A man has been convicted in relation to the death of 15-year-old Scarlett Keeling, more than 10 years after she was found dead on a beach in Goa.
Fiona MacKeown, Scarlett’s mother, who described the past 11 years as an absolute nightmare, said she was shocked but delighted.
“It’s still a bit hard to take it in, that this might actually be the end of it all for us,” she said. “It has been traumatic for the children every time I’ve had to go to Goa, and for me, it’s put me into huge debt. It’s been an absolute nightmare for 11 years.”
At a hearing on Wednesday, the high court in Goa reversed an earlier acquittal to convict of Samson d’Souza of culpable homicide, criminal assault and outraging a woman’s modesty, providing narcotics to a person with knowledge that it could cause serious harm or death, and destruction of evidence. He was also convicted under the Goa children’s code for not providing a safe environment for a child.
It is expected D’Souza will be sentenced on Friday or Saturday, when he could face decades in prison. A second man, Placido Carvalho, accused of abetting a crime, had his acquittal upheld.
Scarlett’s bruised and half-naked body was found on the popular Anjuna beach in the north of Goa after a Valentine’s Day beach party.
Police initially said her death was an accidental drowning, but MacKeown insisted on a second autopsy. A postmortem examination showed there was ecstasy, cocaine and LSD in the teenager’s body. It also showed 50 cuts and bruises and evidence of sexual assault.
It was alleged that D’Souza plied her with drugs, raped her and left her unconscious face down on the beach.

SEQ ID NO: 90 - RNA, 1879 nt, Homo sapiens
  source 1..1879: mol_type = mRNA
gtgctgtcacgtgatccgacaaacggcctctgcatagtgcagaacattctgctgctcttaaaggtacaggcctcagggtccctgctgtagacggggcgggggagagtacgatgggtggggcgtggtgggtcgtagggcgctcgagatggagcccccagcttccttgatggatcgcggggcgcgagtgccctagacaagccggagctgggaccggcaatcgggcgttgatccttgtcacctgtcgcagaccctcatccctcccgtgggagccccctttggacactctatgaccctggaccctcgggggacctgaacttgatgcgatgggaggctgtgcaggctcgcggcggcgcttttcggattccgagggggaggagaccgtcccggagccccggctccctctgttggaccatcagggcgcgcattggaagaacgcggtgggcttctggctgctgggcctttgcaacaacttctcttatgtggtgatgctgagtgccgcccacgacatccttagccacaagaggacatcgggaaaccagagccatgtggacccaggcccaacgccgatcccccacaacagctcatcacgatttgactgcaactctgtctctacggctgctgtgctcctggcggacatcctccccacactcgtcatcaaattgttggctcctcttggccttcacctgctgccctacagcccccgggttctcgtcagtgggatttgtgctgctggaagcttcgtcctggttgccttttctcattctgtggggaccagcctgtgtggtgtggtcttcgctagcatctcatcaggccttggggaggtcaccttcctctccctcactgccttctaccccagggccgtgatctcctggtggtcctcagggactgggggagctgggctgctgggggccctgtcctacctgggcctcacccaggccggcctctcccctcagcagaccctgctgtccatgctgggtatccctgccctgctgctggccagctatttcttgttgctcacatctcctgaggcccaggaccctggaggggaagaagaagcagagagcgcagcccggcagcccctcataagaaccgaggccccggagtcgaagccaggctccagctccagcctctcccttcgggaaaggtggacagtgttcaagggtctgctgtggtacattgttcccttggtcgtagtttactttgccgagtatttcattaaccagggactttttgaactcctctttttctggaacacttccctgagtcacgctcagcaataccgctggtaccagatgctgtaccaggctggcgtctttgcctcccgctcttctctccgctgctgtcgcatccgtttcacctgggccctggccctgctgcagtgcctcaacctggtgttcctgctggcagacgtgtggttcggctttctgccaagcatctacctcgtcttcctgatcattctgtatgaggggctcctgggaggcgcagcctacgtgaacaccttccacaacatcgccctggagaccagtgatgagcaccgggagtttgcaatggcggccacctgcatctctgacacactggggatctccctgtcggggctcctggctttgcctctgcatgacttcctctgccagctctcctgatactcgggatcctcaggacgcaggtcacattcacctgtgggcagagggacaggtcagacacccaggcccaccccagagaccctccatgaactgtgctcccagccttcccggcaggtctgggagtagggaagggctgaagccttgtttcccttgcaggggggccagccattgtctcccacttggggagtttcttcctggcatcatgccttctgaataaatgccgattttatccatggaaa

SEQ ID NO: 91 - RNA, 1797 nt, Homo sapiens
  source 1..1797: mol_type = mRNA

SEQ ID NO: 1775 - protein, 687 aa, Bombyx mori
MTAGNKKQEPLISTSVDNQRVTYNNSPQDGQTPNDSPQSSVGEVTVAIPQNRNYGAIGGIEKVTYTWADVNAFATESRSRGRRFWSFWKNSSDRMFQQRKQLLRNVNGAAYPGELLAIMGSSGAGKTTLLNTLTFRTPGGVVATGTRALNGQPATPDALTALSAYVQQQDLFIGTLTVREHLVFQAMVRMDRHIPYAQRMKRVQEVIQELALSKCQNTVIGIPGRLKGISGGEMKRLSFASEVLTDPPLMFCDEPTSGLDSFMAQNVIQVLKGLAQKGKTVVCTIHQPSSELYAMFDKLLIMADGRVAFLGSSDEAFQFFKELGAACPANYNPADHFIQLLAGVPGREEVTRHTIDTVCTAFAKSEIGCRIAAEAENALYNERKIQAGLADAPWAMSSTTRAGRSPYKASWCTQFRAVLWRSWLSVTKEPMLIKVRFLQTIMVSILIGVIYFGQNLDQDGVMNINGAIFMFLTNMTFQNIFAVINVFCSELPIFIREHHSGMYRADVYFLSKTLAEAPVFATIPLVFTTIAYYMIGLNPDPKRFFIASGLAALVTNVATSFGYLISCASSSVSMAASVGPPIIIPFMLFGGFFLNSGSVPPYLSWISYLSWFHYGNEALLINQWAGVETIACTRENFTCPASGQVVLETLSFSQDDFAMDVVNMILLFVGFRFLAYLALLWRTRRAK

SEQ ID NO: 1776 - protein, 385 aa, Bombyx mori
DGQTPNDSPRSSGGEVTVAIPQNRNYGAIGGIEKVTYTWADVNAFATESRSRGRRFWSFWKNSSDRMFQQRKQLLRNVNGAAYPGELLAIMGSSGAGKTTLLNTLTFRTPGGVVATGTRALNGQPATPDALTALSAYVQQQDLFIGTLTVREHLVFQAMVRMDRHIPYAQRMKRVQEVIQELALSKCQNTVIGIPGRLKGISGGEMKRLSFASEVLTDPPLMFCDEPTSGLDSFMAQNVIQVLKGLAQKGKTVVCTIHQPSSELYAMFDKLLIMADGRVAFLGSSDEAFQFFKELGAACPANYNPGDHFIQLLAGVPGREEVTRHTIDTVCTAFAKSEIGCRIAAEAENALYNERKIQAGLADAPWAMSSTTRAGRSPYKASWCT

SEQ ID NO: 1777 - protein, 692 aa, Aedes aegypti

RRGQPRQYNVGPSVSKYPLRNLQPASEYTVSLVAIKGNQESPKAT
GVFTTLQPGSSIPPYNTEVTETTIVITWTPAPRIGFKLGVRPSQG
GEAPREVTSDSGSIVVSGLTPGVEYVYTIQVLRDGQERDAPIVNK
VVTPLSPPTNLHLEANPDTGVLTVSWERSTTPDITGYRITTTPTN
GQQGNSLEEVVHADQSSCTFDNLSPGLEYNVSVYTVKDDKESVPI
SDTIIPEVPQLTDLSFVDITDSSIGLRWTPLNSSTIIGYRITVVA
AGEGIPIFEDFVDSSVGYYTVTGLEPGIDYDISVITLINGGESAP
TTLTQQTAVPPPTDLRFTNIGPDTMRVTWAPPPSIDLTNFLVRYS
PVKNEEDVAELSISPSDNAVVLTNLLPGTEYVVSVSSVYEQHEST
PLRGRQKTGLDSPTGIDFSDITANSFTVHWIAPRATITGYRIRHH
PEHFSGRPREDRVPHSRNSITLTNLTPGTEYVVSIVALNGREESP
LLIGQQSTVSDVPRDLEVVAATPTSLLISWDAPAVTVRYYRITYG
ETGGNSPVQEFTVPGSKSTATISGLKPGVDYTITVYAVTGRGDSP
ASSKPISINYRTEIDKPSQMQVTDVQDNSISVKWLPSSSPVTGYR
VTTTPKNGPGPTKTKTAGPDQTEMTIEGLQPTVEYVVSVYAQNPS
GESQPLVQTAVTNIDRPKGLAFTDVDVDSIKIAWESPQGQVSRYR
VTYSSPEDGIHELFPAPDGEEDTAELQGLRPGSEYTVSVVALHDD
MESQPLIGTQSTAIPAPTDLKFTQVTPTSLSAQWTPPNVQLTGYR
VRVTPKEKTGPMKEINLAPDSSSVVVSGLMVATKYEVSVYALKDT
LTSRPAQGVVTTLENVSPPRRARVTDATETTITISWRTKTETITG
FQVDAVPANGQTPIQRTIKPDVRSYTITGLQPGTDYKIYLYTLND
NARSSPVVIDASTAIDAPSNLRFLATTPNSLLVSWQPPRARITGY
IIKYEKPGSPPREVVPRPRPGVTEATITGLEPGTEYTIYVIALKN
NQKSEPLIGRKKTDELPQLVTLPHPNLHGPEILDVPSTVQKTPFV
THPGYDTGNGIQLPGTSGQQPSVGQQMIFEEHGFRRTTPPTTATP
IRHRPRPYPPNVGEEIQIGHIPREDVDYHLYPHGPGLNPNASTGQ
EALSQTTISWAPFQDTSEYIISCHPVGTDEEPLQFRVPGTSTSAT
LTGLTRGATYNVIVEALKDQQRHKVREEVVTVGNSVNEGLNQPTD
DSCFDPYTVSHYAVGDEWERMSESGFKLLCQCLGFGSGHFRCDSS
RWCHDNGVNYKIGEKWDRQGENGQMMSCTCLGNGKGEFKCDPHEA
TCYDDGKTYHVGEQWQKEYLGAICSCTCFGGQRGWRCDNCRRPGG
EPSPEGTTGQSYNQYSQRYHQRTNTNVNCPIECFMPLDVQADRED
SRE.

Following D’Souza’s acquittal in 2016 on charges of rape and culpable homicide at Goa children’s court India’s Central Bureau of Investigation announced it would appeal against the judgment, stating that the judge had not “applied her judicial mind both on points of law and on facts of the case”.
The CBI also said the judge had wrongly concluded that there was a delay in recording witness statements.
The investigation into Scarlett’s murder was fraught with setbacks including years of delays in India’s sluggish justice system, a change of prosecutor and the failure of a key British witness to testify. MacKeown also accused the police of corruption.
Michael Mannion, a British witness, told police he had last seen the schoolgirl hours before, lying in the car park of nearby Lui’s Bar, with local bartender D’Souza lying on top of her. Mannion did not testify during the trial in 2016.
Scarlett’s murder attracted global media attention. MacKeown has faced intense scrutiny, including questions over her decision to allow her daughter to travel alone to Anjuna while the family toured further along the coast.
She has had to endure coverage of her daughter’s drug use and sex life, and close scrutiny of her own lifestyle. Scarlett’s death also became the subject of a Bollywood film, which was made without her mother’s consultation
Vikram Varma, MacKeown’s advocate, welcomed Wednesday’s verdict. “The children’s court acquitted him on all accounts, so here the high court has reversed the entire judgement of the child court in relation to D’Souza,” he said.
“It was a really tough case from day one … The most important thing is to get justice for this girl,” said Varma.
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